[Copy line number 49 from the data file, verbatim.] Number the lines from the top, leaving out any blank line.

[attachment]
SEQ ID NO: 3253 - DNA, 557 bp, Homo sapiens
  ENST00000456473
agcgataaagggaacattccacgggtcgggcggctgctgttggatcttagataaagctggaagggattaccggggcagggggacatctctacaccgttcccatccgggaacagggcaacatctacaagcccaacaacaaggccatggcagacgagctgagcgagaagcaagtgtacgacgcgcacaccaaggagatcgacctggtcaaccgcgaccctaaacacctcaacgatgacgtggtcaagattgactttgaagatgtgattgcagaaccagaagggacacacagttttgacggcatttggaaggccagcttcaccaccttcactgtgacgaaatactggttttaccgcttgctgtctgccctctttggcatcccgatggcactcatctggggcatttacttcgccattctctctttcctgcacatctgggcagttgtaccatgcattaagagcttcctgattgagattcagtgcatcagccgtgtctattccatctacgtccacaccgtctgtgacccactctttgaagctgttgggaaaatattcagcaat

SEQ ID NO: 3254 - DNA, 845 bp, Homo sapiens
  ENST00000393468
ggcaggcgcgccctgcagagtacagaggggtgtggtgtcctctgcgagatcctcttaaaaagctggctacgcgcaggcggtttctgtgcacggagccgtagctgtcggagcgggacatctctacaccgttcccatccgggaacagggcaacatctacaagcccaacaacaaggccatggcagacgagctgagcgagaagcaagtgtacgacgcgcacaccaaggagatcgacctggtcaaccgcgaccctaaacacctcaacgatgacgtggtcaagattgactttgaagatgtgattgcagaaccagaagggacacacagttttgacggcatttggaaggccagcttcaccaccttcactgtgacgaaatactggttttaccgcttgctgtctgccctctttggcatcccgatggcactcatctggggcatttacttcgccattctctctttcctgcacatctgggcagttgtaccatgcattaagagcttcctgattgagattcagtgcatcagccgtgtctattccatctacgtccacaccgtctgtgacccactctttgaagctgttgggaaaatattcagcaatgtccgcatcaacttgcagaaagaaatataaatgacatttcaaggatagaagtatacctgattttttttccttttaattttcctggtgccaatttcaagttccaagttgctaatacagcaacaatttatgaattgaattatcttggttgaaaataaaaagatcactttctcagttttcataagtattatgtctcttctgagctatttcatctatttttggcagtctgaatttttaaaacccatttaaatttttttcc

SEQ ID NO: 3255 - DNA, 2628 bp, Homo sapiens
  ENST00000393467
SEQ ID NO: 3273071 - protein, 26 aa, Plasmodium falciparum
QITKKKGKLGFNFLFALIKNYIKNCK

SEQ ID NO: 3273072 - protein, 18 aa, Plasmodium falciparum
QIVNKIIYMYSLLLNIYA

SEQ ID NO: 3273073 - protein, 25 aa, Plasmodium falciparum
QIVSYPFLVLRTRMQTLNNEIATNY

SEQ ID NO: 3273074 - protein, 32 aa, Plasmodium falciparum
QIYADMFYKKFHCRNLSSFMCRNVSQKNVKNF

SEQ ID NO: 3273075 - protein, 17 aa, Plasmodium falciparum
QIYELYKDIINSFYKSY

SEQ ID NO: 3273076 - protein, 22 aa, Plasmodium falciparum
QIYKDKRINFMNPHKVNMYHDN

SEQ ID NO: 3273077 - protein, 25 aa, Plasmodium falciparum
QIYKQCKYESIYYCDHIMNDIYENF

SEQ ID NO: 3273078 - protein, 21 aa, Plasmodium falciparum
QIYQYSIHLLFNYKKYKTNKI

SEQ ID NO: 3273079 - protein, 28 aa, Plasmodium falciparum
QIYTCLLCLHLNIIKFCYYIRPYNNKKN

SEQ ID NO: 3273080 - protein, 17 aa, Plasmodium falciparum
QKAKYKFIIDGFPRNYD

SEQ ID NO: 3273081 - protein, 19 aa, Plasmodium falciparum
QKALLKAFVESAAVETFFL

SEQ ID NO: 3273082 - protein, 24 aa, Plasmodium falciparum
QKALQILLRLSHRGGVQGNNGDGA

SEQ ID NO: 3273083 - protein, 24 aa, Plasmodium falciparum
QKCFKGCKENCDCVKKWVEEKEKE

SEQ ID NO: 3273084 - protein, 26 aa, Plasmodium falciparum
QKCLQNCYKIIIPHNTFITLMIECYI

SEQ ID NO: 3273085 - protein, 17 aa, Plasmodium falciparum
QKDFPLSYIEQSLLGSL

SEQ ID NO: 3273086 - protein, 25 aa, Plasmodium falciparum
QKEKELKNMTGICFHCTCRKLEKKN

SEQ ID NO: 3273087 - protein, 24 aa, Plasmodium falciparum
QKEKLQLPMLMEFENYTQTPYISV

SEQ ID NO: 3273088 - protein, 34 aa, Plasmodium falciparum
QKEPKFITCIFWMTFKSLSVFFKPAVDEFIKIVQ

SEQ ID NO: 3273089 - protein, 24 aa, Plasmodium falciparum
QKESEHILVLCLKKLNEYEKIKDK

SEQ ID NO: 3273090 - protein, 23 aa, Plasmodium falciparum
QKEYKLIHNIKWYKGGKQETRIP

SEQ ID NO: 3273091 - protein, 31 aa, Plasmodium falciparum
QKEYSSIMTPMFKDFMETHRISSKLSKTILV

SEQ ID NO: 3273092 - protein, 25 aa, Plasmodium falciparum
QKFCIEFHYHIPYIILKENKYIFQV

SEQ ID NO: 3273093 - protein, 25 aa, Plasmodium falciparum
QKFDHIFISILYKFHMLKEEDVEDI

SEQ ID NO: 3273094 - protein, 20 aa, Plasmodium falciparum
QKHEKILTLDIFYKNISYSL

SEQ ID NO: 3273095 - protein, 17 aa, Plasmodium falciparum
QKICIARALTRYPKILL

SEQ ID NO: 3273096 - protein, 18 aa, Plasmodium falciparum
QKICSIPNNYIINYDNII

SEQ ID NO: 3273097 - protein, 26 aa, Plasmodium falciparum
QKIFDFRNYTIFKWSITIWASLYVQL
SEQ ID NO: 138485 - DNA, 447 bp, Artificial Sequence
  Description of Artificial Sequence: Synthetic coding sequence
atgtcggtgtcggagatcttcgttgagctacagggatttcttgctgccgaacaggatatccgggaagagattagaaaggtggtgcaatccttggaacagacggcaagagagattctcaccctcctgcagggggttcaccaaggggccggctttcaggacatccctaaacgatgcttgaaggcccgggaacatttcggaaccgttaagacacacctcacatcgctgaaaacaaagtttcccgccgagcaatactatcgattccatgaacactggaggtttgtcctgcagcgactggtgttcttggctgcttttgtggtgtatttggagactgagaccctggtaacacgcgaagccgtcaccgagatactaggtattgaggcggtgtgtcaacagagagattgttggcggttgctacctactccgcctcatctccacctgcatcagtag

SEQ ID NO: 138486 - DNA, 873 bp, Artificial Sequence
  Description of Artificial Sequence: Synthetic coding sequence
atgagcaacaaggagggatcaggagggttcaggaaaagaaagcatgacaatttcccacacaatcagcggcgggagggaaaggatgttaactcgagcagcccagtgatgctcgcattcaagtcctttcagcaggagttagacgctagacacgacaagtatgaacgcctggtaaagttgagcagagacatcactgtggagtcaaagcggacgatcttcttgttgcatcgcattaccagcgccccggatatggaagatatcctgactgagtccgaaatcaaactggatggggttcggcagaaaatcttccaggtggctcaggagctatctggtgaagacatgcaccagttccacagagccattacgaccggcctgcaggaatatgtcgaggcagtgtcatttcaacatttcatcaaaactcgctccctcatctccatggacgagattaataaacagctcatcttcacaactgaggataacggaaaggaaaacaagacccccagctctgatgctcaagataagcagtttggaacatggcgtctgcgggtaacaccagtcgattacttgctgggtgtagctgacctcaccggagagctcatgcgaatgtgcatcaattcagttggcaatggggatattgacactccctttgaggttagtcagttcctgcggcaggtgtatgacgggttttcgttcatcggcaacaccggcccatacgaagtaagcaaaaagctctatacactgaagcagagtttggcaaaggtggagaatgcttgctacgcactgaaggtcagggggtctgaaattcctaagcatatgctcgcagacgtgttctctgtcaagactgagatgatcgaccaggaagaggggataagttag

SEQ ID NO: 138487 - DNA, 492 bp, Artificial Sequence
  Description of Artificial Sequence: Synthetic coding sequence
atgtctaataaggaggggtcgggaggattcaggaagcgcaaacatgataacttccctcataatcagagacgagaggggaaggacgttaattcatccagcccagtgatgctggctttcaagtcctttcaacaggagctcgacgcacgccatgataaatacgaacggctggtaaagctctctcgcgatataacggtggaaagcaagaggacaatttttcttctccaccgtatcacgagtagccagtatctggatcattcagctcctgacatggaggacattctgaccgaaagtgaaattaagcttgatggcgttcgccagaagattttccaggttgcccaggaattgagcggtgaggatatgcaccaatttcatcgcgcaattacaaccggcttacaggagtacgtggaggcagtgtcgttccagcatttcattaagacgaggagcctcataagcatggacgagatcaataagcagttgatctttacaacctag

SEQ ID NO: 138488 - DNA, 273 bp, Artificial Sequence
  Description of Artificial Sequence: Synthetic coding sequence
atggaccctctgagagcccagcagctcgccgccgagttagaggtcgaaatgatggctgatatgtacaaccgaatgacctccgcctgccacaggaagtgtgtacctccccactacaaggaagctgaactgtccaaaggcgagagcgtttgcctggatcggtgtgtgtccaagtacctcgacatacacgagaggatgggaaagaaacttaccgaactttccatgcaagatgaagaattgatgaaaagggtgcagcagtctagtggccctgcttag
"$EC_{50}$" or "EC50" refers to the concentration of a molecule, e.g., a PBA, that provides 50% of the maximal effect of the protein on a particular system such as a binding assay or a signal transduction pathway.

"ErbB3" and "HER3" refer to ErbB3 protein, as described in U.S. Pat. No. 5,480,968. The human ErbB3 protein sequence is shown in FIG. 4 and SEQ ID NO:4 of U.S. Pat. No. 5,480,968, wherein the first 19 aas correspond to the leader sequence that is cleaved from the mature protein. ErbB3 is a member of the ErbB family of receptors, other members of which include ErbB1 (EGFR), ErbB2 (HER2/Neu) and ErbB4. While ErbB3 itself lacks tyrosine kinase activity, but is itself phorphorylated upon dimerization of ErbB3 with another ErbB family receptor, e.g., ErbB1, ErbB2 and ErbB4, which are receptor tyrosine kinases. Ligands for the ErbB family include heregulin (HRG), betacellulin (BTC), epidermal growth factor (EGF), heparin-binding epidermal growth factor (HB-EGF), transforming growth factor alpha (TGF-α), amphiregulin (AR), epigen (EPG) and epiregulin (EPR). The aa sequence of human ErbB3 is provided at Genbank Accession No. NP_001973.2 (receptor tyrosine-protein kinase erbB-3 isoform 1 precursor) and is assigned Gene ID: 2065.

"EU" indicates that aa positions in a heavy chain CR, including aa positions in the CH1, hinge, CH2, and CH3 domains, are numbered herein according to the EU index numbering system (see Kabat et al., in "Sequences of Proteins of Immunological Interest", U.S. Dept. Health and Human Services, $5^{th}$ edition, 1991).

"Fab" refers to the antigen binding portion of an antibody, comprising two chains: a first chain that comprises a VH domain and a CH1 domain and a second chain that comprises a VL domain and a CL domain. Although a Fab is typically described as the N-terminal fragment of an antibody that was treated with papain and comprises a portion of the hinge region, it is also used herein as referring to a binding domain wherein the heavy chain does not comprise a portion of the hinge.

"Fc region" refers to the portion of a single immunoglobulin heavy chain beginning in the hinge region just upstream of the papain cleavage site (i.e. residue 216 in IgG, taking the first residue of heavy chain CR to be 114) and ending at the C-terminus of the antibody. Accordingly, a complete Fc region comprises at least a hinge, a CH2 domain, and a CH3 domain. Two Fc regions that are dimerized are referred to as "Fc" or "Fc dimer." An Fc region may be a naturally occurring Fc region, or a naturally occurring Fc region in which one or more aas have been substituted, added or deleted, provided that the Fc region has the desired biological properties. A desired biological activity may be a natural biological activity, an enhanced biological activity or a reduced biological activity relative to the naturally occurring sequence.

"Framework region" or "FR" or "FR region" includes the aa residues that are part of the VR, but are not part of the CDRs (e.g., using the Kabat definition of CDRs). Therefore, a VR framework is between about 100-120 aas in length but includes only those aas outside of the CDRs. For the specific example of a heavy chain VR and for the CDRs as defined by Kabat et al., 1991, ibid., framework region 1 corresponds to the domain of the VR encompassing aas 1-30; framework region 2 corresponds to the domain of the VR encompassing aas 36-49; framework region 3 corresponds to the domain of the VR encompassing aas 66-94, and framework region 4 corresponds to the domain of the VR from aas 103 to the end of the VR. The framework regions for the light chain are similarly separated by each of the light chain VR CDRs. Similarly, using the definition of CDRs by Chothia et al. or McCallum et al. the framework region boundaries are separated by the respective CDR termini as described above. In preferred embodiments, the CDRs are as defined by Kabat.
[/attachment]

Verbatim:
SEQ ID NO: 3273091 - protein, 31 aa, Plasmodium falciparum